4 Color Palettes You Need in 2024, According to Sherwin-Williams
July 27, 2023
Today, Sherwin-Williams introduced their Colormix Forecast 2024, Anthology: Volume One which is a new biennial approach to their annual color trend report. With a focus on what will reign supreme next year, this collection explores 48 hand-selected hues within four key color families: Palette No. 1 (blues and greens), Palette No. 2 (reds and purples), Palette No. 3 (deeps and darks), and Palette No. 4 (delicate tints).
"With Anthology, we’ve created a forecast that focuses on the evolution and directional shifts of our key color families, which we will revisit every other year moving forward," explains Sherwin-Williams Director of Color Marketing Sue Wadden. "My hope for Anthology is to inspire color confidence among our homeowners, designers, and professionals alike."
Below, Wadden shares what to keep top of mind when choosing paint colors for the home.
The Color Palettes
Wadden shares insights regarding each of the four color palettes noted above. Palette No. 1, composed of greens and blues, reflects two trending hues of the moment.
Palette No. 2, composed of reds and purples, is a bit more forward-looking.
Wadden notes that although red hasn't been a popular color choice in the country since the '90s, many people are gradually warming up to using it in their spaces. Sherwin-Williams named Redend Point (SW 9081), a blush beige hue, as its color of the year for 2023, and since then, colors within this family have surged in popularity—for example, as Wadden points out, pinks have been having a major moment as of late due to the Barbie trend.
"We’re loving and excited to see how these really warm tones that take on this beige cast of cosmetic hues will continue to evolve," she says.
Not sure where to incorporate Palette No. 2 in your own space? Wadden suggests using reds in gathering spaces like dining rooms and living rooms since they can set an energetic tone.
Palette No. 3, which is composed of deeps and darks, reflects the current environmental state we're living in.
"We’ve seen in the past that when times are uncertain, colors tend to go dark," Wadden adds. Wadden advises consumers to embrace darker paint colors in their homes instead of being intimidated by them.
"One misconception I often see is that dark colors are overwhelming and make a room feel small and closed in, which is not always true," she notes. "For those who are hesitant to try a dark color in their homes, these hues, when done right, can contrarily make a space feel very cozy and intimate."
There are also stylish ways to ease into utilizing darker hues without committing to covering all four walls of a room. Wadden recommends painting an accent wall or cabinets with darker shades and complementing them with other lighter shades to balance everything out.
"This will create a nice counterbalance between delicate tints and bolder colors," Wadden says.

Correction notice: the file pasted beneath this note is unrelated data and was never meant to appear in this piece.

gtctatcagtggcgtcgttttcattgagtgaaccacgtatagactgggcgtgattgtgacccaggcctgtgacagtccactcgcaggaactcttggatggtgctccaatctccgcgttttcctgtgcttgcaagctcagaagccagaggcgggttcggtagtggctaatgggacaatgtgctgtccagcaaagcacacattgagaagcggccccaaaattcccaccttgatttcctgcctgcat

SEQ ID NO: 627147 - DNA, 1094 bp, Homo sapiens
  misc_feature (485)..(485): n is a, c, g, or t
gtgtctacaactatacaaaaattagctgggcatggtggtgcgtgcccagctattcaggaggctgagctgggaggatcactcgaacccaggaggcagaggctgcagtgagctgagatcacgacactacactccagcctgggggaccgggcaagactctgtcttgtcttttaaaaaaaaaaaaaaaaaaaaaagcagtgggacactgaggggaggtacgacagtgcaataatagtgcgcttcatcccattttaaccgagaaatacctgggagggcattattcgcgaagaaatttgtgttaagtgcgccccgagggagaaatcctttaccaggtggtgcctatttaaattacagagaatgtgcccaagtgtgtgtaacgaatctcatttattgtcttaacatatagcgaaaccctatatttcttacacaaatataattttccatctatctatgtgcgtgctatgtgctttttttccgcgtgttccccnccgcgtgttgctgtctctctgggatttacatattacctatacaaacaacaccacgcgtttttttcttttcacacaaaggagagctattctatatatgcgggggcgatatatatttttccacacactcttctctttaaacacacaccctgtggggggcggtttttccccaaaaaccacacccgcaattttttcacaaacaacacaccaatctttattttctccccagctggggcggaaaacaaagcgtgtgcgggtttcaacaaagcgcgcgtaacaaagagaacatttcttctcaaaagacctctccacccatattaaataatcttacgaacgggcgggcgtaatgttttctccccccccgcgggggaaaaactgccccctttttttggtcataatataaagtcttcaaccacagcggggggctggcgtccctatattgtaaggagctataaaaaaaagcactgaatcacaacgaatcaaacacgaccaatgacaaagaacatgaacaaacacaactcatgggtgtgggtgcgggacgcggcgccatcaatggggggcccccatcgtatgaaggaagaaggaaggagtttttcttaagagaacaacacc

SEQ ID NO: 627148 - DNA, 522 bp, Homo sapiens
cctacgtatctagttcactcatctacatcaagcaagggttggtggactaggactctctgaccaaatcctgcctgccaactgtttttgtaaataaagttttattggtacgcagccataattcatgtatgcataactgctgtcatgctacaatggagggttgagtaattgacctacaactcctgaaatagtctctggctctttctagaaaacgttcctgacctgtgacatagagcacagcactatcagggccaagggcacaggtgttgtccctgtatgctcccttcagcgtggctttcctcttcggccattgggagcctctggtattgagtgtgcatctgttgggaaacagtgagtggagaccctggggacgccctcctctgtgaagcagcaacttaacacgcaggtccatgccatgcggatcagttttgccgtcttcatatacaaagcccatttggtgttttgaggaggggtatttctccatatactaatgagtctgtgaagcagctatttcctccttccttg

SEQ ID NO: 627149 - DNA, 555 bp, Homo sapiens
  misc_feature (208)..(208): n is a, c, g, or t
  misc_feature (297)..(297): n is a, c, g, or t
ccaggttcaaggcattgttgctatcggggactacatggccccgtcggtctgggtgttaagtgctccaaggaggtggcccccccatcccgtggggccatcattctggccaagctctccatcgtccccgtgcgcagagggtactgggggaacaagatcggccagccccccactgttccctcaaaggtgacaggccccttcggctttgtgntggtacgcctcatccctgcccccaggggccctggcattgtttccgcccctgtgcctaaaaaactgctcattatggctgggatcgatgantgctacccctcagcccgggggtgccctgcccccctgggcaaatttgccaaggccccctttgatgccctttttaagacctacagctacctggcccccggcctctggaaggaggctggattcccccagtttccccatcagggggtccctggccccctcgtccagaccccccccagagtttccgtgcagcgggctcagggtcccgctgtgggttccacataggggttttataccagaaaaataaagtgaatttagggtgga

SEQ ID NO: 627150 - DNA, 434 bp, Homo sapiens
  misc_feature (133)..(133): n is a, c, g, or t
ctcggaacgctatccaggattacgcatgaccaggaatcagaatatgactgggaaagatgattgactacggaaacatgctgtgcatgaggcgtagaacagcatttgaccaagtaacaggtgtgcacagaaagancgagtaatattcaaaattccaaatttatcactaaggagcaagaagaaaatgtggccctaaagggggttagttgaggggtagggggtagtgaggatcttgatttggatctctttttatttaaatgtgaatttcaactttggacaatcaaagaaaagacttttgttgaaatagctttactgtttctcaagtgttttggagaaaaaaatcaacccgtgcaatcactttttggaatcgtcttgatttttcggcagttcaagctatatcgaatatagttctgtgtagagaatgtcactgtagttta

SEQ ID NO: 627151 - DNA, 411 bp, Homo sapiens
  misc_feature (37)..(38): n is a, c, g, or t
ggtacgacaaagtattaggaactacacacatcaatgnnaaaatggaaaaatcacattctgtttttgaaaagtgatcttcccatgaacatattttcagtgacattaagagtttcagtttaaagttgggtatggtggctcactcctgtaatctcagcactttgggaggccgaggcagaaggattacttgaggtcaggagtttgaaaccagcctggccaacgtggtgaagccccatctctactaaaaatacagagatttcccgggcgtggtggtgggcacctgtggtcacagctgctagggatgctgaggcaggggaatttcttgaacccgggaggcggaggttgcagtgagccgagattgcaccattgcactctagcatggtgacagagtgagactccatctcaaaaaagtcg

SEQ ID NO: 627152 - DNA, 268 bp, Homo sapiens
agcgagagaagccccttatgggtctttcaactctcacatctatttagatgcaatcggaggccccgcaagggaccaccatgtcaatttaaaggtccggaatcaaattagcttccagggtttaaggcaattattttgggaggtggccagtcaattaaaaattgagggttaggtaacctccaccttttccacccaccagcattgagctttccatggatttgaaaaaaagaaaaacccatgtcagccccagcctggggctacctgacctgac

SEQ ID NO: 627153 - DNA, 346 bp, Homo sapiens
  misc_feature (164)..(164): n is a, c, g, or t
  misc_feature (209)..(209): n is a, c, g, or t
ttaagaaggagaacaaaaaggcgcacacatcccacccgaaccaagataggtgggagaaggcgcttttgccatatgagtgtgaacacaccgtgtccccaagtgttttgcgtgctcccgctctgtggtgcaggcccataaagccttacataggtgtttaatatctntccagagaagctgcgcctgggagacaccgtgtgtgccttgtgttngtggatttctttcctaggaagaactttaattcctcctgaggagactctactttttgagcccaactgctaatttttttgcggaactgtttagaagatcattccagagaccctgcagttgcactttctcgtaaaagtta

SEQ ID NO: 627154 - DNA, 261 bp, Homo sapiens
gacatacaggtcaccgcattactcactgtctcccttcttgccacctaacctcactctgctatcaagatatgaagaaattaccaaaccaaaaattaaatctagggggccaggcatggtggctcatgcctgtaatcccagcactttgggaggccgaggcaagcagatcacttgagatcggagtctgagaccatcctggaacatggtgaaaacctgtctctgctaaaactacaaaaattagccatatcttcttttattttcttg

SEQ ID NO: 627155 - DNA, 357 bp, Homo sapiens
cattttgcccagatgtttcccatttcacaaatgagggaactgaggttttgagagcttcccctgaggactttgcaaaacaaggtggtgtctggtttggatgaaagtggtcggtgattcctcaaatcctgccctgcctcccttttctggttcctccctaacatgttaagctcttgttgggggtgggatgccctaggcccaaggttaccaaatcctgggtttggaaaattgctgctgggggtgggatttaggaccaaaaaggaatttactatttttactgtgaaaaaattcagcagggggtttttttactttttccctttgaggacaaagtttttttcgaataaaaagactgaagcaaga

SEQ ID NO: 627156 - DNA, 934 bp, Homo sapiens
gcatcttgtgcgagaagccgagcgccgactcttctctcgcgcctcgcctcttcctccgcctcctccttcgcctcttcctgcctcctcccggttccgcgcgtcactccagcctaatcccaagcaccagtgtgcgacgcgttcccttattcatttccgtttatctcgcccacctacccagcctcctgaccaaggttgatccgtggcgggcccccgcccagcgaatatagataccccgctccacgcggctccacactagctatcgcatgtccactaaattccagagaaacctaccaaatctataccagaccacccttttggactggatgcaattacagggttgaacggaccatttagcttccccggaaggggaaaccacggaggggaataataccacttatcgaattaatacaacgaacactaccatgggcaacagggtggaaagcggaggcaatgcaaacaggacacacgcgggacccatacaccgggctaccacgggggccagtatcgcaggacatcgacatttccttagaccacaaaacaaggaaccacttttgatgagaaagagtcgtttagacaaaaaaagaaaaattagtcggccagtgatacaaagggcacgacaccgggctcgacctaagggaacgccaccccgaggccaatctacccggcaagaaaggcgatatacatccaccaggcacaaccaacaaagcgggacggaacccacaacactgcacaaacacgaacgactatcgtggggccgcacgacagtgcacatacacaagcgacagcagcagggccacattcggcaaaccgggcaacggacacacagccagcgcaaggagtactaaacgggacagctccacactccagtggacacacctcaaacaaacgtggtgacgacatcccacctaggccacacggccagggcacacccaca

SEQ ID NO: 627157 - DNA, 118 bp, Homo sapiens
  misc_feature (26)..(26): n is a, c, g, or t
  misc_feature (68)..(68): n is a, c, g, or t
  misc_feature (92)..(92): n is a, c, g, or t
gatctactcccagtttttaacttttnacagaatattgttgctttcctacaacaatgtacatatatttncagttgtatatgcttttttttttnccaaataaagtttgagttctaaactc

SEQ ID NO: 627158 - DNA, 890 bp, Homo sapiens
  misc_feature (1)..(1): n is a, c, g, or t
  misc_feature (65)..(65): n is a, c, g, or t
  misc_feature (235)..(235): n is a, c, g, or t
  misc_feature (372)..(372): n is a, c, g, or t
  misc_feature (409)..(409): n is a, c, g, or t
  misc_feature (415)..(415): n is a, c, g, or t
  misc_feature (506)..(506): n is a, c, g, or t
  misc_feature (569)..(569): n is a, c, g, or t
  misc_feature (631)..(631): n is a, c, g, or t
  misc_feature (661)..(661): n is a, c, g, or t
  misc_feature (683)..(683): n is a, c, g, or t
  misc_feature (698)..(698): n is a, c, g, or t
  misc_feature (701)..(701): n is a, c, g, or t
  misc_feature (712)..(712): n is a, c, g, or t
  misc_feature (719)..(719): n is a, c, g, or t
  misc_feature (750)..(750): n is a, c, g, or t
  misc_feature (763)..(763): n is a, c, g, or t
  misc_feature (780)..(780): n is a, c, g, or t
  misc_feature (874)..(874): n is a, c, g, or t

Personally, Wadden likes the idea of using the deep colors from Palette No. 3 in TV rooms because they can create an immersive setting close to an actual theater.
Last but not least, Palette No. 4 is composed of delicate tints. This palette represents the direction in which Sherwin-Williams sees neutrals going. Similar to Palette No. 3, it also reflects today's uncertain times in its own way, which is why it was important for Sherwin-Williams to create a palette that brought calmness into the home.
Incorporate the Colors
Wadden recommends this palette for the kitchen since the delicate hues can create clean and crisp environments homeowners look for in a kitchen space.
While Wadden is excited about each of the four palettes, she particularly appreciates Palette No. 3 and Palette No. 4.
"They really highlight the duality of darks and lights," she says. "We’ve been focused on natural and earthy tones like greens for a while, so it’s exciting to see the high contrast with darks and lights. It’s very fresh and new!"
Wadden encourages homeowners who are struggling to land on the perfect paint color for a given space to look around and find what they love as a source of inspiration.
"There’s usually some point of reference you’re looking to match, and that’s a great place to start," she says. "Inspiration helps narrow down the focus."
Wadden points out that, oftentimes, people are hesitant to make use of color in their spaces which is why they tend to lean more into neutrals. She recommends adding only small pops of color around your home if you don't want to commit to painting an entire room—especially if overpowering a common space is your concern.
How to Use the Forecast
At Sherwin-Williams stores, customers can easily visit the ColorSnap Studio and select paint chips to examine each color in closer detail. Wadden advises taking your favorite chips back home and placing them on the wall in the room of your choice.
This is a great way to spend some time getting used to the color before committing. You can even take it a step further by picking up a Color to Go sample and painting a test area on the wall.
Consulting the Colormix Forecast will help streamline decision-making all on its own, especially if you have a color in mind you'd like to further explore, Wadden explains.
"In using Anthology, they can head straight to that color family and be met with a narrowed palette of options and the differences between each hue," she says. "There will always be limitless combinations that can be created with the palettes, but we hope this guide will inspire their decisions with more clarity and ease."
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